As one NBA agent states, “What people don’t understand is that there are so many layers to any contract – let alone a maximum contract”. With any decision, it is imperative that the NBA player does his due diligence before making a decision that will impact their life forever. It is important to delve into the layers of a max contract and understand that not all max contracts are negotiated the same. For example, a player’s years of experience in the NBA is factored into how much of a percentage that a player can take of the team’s salary cap. A player with 0-6 years of experience can only make up 25 percent of the salary cap. A player with 7 to 9 years can take up 30 percent and a player with 10+ years can make up 35 percent of the salary cap. Additionally, there are “bird rights” which are salary cap exceptions that allow a player to earn more money and sign for a longer deal if the player chooses to stay with their current team.
As NBA players weigh their options, the market of the team plays a very pivotal role. In LeBron’s case, signing with the Lakers opens the doors to endless off-the-court opportunities including Hollywood acting and producing roles, additional endorsement deals and a massive fan base. Financially speaking, teams in Texas and Florida have an advantage because there is no state income tax. From an NBA executive’s perspective, it is quite terrifying that teenagers are signing $100 million deals plus massive endorsement deals without playing in a single NBA game yet. A former GM animatedly states, “If you’ve never won, how am I supposed to know that you’re ever going to covet winning? When a high-profile rookie joins a bad team, they are given a nice salary and shoe deal from day one and they’re handed a starting role. They never have to earn anything”. Although an NBA team cannot guarantee if a rookie will win championships, there can be injury provisions negotiated if a top prospect has a history of injuries. For example, the Philadelphia 76ers and Joel Embiid agreed to a five-year, $148 million deal. However, due to Embiid’s history of foot and back injuries, an injury provision was negotiated. This gave Philly the option of waiving or saving money if Embiid reinjured himself and missed at least 25 games or played less than 1,650 minutes in a season.
So, how does Fertitta explain his view on the luxury tax now? Kelly Iko of The Athletic. Fertitta: “It’s a horrible hindrance. And if any of y’all ever want to really understand it, go do the math on it. I mean, it’s just brutal. You can take 5 million, and all of a sudden you look up, and it costs you 20 million. And at some point, you have to be smart, and you cannot get into the repeater tax, which happens if you’ve been in the luxury tax three years in a row. And that’s something to really look at. And at some point, you have to do some things so you never go in the repeater tax. You’re just dead in the water, and it can ruin your franchise for years. So, it’s something you have to be cognizant of.”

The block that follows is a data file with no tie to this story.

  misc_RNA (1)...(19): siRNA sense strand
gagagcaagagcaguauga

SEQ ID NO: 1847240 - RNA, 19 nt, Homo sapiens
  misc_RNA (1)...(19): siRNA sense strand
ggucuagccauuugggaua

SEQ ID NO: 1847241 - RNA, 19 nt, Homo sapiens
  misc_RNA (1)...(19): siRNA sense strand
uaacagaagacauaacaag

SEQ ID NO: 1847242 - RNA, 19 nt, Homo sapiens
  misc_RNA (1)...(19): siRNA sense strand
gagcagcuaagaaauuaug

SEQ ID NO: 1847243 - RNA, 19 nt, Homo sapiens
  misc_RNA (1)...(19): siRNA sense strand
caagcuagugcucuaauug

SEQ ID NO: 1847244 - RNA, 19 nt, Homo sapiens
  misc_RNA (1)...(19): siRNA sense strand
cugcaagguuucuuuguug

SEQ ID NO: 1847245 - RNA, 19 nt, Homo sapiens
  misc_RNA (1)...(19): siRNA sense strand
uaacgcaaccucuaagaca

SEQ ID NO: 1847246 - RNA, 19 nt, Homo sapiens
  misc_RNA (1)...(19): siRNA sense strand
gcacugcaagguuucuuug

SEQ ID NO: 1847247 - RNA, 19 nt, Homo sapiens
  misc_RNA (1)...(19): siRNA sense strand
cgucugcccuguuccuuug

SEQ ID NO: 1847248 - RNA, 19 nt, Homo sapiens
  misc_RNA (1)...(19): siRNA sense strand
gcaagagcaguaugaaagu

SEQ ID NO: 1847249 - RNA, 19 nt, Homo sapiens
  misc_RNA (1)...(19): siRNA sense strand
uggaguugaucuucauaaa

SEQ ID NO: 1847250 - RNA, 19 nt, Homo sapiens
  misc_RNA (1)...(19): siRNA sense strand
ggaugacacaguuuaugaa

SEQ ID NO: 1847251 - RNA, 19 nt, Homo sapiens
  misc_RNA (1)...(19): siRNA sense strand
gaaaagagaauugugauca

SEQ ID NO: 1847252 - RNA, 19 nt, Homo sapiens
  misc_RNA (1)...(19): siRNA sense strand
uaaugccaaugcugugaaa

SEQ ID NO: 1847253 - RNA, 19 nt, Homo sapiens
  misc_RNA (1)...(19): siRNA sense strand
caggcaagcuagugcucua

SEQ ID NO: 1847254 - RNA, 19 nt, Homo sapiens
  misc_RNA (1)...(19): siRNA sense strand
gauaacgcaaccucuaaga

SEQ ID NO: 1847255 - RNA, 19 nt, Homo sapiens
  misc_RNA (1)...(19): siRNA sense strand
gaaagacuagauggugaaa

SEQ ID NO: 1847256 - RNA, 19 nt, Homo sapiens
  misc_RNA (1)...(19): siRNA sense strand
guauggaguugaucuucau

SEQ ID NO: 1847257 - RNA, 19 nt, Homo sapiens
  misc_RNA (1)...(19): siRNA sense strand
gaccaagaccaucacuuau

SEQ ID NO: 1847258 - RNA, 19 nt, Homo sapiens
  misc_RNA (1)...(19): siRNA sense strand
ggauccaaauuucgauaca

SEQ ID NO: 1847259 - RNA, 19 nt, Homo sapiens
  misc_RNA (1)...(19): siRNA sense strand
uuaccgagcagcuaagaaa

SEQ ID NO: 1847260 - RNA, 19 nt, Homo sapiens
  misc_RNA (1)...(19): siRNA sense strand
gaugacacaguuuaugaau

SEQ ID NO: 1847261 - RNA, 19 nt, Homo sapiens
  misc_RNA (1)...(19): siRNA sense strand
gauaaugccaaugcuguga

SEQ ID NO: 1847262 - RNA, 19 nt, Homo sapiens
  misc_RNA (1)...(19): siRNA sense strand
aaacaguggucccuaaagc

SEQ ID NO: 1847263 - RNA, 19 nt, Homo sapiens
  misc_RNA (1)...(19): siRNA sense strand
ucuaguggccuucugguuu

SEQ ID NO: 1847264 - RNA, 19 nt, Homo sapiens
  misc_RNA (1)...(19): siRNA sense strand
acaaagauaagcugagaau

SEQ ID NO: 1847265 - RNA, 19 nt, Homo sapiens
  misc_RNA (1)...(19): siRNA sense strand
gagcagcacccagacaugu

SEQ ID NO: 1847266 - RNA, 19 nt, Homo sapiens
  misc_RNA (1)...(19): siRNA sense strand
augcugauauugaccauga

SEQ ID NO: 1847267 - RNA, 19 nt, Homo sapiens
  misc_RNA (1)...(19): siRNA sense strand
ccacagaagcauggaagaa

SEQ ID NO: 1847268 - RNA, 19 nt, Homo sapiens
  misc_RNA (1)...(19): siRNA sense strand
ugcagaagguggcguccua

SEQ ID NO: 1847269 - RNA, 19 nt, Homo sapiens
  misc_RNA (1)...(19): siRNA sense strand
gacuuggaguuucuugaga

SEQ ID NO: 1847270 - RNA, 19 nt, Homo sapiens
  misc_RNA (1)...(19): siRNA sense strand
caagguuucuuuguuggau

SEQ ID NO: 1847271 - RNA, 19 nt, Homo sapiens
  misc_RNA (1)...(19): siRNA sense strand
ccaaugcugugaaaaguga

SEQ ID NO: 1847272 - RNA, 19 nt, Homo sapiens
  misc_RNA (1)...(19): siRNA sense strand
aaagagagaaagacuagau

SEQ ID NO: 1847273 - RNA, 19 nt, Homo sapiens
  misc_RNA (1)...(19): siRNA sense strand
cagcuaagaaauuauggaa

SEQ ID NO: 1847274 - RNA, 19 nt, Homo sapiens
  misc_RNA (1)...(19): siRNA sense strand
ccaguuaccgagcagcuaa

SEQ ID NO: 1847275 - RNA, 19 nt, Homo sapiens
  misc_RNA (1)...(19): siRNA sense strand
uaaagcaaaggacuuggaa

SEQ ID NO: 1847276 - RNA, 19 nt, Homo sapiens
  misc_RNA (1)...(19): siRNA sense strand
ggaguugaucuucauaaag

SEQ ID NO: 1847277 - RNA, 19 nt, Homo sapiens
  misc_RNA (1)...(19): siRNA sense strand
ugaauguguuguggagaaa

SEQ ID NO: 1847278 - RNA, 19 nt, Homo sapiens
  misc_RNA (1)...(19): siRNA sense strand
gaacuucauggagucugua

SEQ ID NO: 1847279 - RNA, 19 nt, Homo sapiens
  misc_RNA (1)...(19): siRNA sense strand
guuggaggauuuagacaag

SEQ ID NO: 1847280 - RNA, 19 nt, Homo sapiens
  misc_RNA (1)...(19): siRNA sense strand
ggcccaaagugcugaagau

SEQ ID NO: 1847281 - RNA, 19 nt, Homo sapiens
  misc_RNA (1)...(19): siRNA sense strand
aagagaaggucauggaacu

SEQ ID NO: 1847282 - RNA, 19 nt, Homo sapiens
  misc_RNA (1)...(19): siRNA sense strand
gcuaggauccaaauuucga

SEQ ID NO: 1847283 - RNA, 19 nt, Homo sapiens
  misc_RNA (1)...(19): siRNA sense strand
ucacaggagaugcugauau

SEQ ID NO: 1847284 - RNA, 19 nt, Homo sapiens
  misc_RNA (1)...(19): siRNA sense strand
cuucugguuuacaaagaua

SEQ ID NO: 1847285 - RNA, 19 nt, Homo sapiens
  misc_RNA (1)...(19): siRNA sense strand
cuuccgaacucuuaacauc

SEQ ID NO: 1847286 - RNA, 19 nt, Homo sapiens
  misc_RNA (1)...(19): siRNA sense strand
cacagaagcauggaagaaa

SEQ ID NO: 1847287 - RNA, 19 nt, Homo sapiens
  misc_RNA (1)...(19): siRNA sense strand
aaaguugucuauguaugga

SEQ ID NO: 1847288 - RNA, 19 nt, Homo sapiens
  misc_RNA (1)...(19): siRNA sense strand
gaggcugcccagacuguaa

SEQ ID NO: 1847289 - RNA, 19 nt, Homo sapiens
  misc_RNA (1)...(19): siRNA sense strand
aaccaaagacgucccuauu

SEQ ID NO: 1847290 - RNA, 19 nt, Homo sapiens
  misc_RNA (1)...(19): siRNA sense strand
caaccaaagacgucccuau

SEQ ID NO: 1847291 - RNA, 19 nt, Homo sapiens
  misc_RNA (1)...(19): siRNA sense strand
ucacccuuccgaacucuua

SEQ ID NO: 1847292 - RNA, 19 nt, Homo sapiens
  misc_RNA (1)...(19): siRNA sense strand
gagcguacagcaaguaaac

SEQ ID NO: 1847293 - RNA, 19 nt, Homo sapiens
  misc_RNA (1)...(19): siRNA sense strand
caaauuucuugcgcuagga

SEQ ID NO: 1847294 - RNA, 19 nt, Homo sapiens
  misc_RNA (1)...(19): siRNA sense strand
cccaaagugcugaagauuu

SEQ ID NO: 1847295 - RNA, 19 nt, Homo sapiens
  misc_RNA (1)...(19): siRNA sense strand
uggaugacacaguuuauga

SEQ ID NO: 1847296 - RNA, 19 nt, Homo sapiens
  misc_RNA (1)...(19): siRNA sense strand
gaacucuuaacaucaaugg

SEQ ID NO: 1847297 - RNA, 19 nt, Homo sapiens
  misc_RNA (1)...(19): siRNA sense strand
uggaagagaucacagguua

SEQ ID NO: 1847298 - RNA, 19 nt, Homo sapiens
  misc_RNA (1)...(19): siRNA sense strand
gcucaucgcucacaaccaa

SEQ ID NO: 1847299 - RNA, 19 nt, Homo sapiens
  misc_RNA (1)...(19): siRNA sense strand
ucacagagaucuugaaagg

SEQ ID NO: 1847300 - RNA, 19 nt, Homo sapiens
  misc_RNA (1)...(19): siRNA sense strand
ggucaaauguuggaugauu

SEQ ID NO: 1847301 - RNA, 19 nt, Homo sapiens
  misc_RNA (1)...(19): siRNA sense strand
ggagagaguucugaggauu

Chicago cut bait on the Butler era. The Kings wanted no part of a supermax for DeMarcus Cousins. Some within the Pacers had qualms about a supermax for Paul George, sources say — a dilemma that never came to pass, since George did not make an All-NBA team in 2017 before Indiana traded him. The Clippers re-signed Blake Griffin, then 28 and their first homegrown star in decades, to a regular 30 percent max — and traded him at the first opportunity for Tobias Harris, Avery Bradley on an expiring contract and a pick at the back of the lottery. We hailed it as a victory for LA.
Shifting this calculus backward on the age curve onto players in their late 20s makes me feel a little icky. The ickiness started to set in when the Bulls dealt Butler. Several executives around the league chuckled at my discomfort, suggesting I was naïve. These choices were just a product of teams getting smarter about injuries, aging, probabilities, and what it takes to win championships, they said. If you are going to re-sign Butler on a supermax, they told me, you have to know you will have enough championship equity (if that is a team’s measuring stick — a crucial and evolving factor) on the front end of the deal to justify the pain coming on the back end. Chicago didn’t. They started the cycle over instead of delaying a rebuild.
The league and union could do away with a seniority-based wage scale, so that pay would more accurately reflect production. The league has broached tweaks in past collective bargaining cycles, sources say, but it has been a non-starter. The union will obviously not accept a system in which max contracts decline as players age.
Regarding cap smoothing, Jared Dudley on the Woj podcast: “Michele Roberts is obviously a smart woman. She probably gauged both it ways. She probably talked about it. But, yeah, anytime the league comes to us – or vice versa. If we came to the league about something, they’ll fight back first and then they might let it go through.”